“Poker is a game where you can do everything right, and have it end so wrong” – Norman Chad. The WSOP commentator and recent Poker Hall of Fame nominee said this during the old ESPN broadcast introductions, and what Chad was speaking of is one of the main things that will often drive poker players crazy, both pros and amateurs: the dreaded bad beat.
What is the Bad Beat in Poker
Simply put, a bad beat is when you have a big lead in a hand, but then your opponent hits an unlikely card to take over the lead. A bad beat can happen at any time during the hand, but the term is usually reserved for the turn and river, as the odds decrease with every card for the players who are behind, thus making the beat that much worse based on the odds. However, it can also occur if players get the money in preflop.
The Math Behind Bad Beats
This is just one of the examples of a preflop bad beat. Say you are all in with QQ, and your opponent has 1010. You have an 80% chance of winning the hand at that exact moment, and if the flop comes all low cards with no backdoor draws, you are then 92% favorite to win the hand. If the turn is also clean, your opponent will only have a 4% of hitting their ten, thus putting a bad beat on you. Of course, the 20% preflop chances do come in every so often when you are playing on sites like AmericasCardroom, GGPoker, and PartyPoker. Otherwise, bad beats wouldn’t exist in poker.
Bad Beat Jackpot
Many poker rooms have taken advantage of these unfortunate bad beats by adding a bad beat jackpot to their cash games. The jackpot will often have specific rules to make it applicable. Players normally have to use both cards in their hand, and there is a threshold on the hand ranking for each player at showdown (usually at least a full house against four of a kind or better) Normally the losing player in this hand would get 50% of the jackpot, the winner gets 25%, and all other players who took part in the hand split remaining 25%. These jackpots make cash games more appealing for many players, as bad beats in MTTs get you nothing but a story, as these following players know all too well.
Some Terrible, Televised Bad Beats
Last year, PokerStars created a video compilation of some examples of the worst beats ever on their streams. Breakdowns of each of the hands, along with the percentages to display how bad the beats are, can be seen below the video.
Gerald Karlic Ace-King vs. Dominik Panka Ace-Queen
The two players get all the chips in preflop, where Karlic holds a 72% advantage. That lead catapults to 88% [Js][6h][2h] ensuring hardly any backdoor outs. A three came on the turn, meaning that Panka will only win 5% of the time, and this was one of those 1/20 shots comes in, the [Qs]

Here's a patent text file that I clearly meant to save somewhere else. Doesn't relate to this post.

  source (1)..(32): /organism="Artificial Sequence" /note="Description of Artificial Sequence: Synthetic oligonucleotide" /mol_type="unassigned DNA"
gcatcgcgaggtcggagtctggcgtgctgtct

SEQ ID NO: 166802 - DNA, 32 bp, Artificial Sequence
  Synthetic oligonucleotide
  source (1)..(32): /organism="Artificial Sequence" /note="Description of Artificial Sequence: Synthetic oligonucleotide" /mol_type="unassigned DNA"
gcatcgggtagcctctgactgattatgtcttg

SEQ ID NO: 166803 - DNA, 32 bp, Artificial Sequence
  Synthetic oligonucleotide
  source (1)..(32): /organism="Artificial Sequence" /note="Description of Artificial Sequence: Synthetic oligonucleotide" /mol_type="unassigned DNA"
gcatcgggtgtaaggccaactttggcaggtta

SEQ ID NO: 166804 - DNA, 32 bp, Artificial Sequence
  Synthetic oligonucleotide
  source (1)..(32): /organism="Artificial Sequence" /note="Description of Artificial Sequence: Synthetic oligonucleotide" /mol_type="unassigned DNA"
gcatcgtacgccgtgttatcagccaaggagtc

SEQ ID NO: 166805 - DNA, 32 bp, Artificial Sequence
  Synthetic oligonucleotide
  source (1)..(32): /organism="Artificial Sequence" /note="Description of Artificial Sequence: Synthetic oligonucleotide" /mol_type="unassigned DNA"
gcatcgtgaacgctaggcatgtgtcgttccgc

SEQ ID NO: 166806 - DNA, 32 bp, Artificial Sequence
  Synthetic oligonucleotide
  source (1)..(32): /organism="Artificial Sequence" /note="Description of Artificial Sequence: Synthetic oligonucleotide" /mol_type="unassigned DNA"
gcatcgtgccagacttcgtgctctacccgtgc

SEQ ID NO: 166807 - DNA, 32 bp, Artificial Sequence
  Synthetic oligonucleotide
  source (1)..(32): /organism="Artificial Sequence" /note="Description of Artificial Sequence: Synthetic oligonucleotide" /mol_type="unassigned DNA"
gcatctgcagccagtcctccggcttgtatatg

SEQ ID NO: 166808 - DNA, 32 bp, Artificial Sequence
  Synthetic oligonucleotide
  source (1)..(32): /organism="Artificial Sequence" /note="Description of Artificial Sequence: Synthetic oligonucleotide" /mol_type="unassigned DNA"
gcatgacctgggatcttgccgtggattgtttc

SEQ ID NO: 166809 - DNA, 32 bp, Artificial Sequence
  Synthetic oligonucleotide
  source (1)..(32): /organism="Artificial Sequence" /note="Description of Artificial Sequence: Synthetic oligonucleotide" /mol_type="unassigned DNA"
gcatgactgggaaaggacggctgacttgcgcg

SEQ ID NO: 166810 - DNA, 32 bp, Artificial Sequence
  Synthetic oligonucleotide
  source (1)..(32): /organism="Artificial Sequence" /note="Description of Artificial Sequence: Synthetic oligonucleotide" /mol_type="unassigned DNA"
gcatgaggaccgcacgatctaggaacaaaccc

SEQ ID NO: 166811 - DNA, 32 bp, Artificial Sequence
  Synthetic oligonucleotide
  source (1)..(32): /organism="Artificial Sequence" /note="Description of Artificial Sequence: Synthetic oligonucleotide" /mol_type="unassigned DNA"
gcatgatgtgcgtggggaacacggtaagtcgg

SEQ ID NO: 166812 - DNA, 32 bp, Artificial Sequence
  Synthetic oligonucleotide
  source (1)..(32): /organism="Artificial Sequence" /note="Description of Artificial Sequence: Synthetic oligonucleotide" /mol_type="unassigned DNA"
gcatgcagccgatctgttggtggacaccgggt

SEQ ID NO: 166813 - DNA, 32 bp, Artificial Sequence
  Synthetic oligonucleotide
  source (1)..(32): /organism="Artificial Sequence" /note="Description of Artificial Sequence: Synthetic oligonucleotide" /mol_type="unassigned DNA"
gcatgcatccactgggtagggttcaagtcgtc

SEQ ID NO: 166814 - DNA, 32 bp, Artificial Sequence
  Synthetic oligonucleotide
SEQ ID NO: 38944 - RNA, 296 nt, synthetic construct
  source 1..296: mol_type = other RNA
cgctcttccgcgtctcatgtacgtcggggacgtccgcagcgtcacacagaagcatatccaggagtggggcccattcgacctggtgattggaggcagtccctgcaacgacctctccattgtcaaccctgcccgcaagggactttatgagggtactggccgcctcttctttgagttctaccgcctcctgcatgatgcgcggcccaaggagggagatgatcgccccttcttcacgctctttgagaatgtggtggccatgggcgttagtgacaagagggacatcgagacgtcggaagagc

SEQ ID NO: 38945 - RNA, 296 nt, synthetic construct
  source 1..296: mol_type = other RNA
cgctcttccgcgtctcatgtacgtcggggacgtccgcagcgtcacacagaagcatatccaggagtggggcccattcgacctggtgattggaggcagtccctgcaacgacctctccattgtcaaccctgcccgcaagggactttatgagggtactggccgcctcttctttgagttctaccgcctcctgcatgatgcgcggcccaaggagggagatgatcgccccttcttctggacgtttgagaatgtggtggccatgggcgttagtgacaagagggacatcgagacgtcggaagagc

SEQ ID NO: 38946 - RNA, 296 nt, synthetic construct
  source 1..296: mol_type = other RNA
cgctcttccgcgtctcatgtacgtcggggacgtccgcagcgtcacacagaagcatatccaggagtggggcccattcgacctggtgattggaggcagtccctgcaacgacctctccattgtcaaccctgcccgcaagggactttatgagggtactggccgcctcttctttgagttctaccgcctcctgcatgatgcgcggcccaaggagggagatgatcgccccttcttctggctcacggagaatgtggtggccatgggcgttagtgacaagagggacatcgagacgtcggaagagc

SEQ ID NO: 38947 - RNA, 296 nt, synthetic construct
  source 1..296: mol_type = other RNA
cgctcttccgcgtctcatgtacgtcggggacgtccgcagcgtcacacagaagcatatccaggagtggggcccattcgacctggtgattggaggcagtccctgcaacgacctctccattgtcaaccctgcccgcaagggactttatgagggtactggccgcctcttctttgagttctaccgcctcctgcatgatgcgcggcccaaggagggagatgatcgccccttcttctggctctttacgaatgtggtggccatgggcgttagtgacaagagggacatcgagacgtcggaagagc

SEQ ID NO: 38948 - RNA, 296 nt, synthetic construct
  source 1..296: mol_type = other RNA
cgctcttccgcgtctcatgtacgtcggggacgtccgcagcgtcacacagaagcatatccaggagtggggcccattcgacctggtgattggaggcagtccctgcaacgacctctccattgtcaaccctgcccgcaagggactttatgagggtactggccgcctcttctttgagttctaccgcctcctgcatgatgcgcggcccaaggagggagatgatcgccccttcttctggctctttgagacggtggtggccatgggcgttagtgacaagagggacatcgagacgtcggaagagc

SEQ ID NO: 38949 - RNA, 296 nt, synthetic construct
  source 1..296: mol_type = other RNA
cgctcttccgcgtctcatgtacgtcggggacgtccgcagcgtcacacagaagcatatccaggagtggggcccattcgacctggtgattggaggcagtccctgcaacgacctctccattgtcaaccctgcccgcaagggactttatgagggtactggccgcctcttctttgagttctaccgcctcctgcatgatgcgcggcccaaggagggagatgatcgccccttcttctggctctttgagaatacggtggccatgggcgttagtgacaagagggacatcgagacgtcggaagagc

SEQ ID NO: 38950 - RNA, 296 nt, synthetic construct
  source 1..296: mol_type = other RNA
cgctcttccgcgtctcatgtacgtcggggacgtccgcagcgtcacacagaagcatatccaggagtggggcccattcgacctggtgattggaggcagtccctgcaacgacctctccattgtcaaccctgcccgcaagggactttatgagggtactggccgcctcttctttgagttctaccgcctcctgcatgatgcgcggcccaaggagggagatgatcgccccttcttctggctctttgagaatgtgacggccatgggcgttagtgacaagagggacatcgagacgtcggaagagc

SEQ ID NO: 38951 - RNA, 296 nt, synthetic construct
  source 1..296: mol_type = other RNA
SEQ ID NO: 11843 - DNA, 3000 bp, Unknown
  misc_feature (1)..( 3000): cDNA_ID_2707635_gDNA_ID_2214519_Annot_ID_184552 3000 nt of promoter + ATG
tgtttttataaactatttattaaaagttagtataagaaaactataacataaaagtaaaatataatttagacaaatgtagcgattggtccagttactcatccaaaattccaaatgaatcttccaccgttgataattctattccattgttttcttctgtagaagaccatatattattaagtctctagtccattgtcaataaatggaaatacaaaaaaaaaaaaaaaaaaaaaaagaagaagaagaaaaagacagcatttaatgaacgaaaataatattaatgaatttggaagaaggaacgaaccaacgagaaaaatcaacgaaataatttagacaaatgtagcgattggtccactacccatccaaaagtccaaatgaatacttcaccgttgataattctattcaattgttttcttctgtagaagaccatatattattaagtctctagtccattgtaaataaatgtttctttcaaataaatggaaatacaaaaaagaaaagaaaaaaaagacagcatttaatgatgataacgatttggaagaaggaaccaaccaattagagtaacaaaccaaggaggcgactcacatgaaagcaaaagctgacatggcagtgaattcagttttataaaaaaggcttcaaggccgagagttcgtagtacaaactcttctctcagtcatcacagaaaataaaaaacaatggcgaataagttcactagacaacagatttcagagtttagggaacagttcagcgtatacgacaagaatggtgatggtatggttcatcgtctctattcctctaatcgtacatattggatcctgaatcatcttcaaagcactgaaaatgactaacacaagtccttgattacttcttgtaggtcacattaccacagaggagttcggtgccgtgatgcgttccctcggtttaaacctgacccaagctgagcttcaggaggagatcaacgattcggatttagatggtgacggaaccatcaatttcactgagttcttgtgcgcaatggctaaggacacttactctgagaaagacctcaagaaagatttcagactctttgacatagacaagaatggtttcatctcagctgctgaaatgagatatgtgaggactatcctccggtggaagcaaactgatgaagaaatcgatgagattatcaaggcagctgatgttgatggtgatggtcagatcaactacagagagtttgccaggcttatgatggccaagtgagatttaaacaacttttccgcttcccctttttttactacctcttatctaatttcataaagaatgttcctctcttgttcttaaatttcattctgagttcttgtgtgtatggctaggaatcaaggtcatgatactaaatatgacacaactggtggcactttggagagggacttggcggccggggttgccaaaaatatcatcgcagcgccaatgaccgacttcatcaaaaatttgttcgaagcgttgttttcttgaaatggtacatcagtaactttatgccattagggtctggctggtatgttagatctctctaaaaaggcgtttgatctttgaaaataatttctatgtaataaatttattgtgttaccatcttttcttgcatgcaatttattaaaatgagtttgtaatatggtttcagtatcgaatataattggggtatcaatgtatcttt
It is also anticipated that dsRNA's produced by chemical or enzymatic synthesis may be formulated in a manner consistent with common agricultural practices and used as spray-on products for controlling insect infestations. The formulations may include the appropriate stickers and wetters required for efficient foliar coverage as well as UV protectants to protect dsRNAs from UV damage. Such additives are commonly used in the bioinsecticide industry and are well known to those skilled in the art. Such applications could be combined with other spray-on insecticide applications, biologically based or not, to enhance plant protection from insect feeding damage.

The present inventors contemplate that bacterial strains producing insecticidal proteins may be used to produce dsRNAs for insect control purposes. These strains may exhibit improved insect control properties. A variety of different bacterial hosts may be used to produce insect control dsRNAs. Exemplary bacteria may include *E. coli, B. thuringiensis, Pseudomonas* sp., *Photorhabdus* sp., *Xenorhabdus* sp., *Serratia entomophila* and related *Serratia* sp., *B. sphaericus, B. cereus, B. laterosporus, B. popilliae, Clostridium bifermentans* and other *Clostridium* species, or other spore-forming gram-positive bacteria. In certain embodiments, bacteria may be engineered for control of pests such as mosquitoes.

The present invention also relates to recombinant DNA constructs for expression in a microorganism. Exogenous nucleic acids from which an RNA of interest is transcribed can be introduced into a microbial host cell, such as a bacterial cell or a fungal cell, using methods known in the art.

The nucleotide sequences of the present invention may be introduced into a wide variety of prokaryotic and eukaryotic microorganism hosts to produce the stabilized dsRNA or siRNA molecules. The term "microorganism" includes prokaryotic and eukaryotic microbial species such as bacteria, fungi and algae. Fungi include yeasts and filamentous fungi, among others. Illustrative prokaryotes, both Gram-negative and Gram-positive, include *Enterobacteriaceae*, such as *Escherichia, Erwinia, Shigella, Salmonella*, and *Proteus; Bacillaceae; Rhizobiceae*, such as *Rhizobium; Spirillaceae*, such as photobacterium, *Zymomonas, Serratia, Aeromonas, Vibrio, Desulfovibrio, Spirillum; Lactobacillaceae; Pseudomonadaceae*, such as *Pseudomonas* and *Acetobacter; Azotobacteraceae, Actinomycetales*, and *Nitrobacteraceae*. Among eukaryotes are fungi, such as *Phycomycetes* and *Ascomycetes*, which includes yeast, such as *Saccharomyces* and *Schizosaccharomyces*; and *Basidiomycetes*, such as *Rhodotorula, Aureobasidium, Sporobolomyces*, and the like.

Eric Assadourian Ace-King vs. John Juanda Pocket Kings
In the next hand, poker legend John Juanda was in prime position to score a double up, holding pocket kings, dominating the Ace-King shown by Eric Assadourian. Neither player knew this, but another ace had already been folded, giving Juanda a near 4:1 odds advantage. A blank flop and turn, meaning only two aces in the deck could save Assadourian, a 4% chance. Well, you can probably guess what came.
John Dibella Pocket Nines vs. Lee Goldman Pocket Kings
In an older PCA Main Event, Lee Goldman looked poised to score a crucial double-up with pocket kings, against the pocket nines of John Dibella. Oddly enough, two other pocket pairs, pocket fives and pocket tens, were folded preflop. The flop came six high, and the turn was a blank, pushing Goldman’s edge from 75% to 95% by the river. But then, disaster struck, as the [9h] came down.
Vanessa Selbst Pocket Fours vs. Kevin MacPhee Ace-Nine
This particular hand is unlike any of the others on the countdown, in the sense that it ends up being simply a coin flip preflop. However, it is surely a fascinating a hand between two players that had a clear history at the time, In this hand, Selbst ends up six bet shoving with a small pair, and MacPhee talks himself into a call with just Ace-Nine. An ace on the flop sealed the hand for MacPhee, and sent Selbst on a now somewhat infamous rant.
Joeri Zandvliet Ace-Nine vs. Robert Csire Ace-Queen
The last hand shows just how much of a roller coaster some hands can be. At a UKIPT final table, Robert Csire’s [As][Qd] looked great to score a double up against the eventual champion Joeri Zandvliet [Ah][9h]. Csire was 65% to win preflop, but he actually fell behind after the [Kh][Jh][Jc] flop brought flush draws and chop outs for Zandvliet. The turn was a blank to give Csire the lead again, but the brutal [9d] completed the board, sealing a wild bad beat, and propelling Zandvliet to a six-figure score for the win.
How to Deal With Bad Beats
The unfortunate reality is that bad beats are an inevitable part of poker. It will be impossible to play one lengthy cash game session, or play a handful of Multi Table Tournaments, and avoid suffering a bad beat. Most amateurs will go on tilt after a bad beat and have it affect their play in future hands. That is often what separates the top pros from even the average pros, as those who are able to put bad beats out of their head quickly will enjoy more long-term success. Learn to control your emotions after a bad beat, take advantage of those who cannot do that, and you will see a boost in your results over time.